A series of articles in the Globe and Mail outline Canada's innovation policy and the context in which research and development (R&D) operates as a pipeline for innovation. The first article outlines the work to stand up the Canadian Innovation and Investment Agency. Many good points are raised about the need for clarity of purpose, but I would sum up the issue as a historical inability to differentiate R&D from innovation. Canada is the G7's highest per capita funder of research in the public sector and the lowest for business R&D. Compounding this is the fact that Canadian companies underinvest in education and training and new technology adoption. This is the three-legged stool of innovation and productivity.
The third article in the series offers a clickbait title that detracts from the main issues: the need to increase business R&D as well as receptor capacity in Canadian businesses for innovation and Intellectual Property (IP). This includes not just products (which are easy to patent), but also other forms of IP.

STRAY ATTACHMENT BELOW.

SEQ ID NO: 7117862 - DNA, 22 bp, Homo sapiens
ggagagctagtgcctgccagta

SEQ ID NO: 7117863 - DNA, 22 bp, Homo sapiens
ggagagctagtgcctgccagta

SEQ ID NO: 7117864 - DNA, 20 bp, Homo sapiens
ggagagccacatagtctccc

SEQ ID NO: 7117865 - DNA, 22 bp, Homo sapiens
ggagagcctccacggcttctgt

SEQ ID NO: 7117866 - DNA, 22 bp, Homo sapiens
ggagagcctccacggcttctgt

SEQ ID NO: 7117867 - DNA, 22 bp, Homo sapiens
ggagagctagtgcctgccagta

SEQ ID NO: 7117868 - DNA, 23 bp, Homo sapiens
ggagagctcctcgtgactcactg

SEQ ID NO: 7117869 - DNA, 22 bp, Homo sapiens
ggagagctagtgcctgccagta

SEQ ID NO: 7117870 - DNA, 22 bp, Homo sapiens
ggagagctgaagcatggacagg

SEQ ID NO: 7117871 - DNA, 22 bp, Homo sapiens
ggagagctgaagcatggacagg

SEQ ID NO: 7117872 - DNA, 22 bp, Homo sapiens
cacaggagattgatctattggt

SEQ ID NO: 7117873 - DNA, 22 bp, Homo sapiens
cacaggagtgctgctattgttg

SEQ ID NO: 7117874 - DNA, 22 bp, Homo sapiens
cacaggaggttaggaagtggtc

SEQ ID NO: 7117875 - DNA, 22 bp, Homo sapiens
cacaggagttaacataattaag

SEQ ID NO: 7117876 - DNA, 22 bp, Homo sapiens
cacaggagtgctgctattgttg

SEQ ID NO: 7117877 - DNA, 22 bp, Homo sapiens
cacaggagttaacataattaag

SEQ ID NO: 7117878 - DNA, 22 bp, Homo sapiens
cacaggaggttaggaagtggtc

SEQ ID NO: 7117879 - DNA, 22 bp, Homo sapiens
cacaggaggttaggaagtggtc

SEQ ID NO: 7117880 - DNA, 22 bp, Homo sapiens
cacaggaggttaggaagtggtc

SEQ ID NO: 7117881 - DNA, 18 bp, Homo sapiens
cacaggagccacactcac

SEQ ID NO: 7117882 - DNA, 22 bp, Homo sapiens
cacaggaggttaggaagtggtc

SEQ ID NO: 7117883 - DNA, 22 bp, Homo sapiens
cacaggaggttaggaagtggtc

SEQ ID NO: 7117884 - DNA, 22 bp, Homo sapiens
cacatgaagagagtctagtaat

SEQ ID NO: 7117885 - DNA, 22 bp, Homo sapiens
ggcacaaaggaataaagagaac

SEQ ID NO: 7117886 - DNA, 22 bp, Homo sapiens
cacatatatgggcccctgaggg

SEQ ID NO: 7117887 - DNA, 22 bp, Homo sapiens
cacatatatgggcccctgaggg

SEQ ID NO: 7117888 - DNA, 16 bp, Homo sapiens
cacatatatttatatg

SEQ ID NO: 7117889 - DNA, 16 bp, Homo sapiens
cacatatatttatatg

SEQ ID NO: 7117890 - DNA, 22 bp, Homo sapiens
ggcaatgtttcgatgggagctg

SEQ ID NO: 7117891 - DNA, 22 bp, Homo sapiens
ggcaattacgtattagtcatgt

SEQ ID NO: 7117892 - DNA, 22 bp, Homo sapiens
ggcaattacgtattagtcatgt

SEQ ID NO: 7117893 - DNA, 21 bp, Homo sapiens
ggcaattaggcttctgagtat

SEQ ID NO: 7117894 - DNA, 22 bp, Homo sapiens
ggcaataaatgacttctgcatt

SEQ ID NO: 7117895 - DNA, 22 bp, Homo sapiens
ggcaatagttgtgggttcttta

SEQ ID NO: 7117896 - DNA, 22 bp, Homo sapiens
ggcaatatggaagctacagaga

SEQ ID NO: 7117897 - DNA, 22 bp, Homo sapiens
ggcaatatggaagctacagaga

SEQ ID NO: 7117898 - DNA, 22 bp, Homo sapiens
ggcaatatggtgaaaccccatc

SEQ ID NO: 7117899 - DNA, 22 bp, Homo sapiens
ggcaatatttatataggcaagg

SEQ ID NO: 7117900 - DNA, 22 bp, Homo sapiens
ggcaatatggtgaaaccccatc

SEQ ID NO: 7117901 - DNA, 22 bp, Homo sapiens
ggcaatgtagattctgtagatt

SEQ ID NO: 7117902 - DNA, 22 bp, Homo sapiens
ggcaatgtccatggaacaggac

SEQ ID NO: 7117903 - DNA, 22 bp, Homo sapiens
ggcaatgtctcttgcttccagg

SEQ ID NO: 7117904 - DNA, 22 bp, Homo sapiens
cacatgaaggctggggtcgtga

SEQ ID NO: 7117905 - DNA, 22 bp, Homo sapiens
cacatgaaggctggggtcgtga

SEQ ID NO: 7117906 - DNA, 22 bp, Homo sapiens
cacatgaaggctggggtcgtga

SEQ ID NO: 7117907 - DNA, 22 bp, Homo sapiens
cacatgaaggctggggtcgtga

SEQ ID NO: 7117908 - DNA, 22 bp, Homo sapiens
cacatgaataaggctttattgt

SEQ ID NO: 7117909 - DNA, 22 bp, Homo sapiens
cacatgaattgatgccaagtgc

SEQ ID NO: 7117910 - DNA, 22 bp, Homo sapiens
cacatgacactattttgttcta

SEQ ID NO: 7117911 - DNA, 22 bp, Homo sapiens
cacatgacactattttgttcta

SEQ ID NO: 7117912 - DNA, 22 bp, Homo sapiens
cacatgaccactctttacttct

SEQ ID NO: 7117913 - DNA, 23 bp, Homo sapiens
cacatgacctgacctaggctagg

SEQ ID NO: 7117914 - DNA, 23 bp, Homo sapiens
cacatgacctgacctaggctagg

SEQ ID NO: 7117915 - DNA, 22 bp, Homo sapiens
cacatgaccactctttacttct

The continuum from basic and applied research through to experimental development constitutes the types of activities that make up the innovation carrying capacity of national economies: the ability to proactively create value from public investments in basic research by fostering private sector receptivity and engagement to the public S&T systems.
The bottom line here is that it is good to see innovation policy front and centre, it's just too bad that these reports did not unpack many important and related issues: diversity of actors, inputs and outputs; receptor capacity for supporting R&D and IP commercialization; and the role of reskilling for innovation to name just a few (check out two recent reports on the innovation literacy angle - one from Mitacs and the other from the Future Skills Centre).
Small companies that do R&D are more likely to survive and grow, hire more people, export more goods and services, and have a bigger economic impact in their communities. Startups, new companies, and small companies that are seeking to join the global economy in key sectors like health, IT, manufacturing and automotive – they need help finding supports to conduct R&D. The potential here is vast.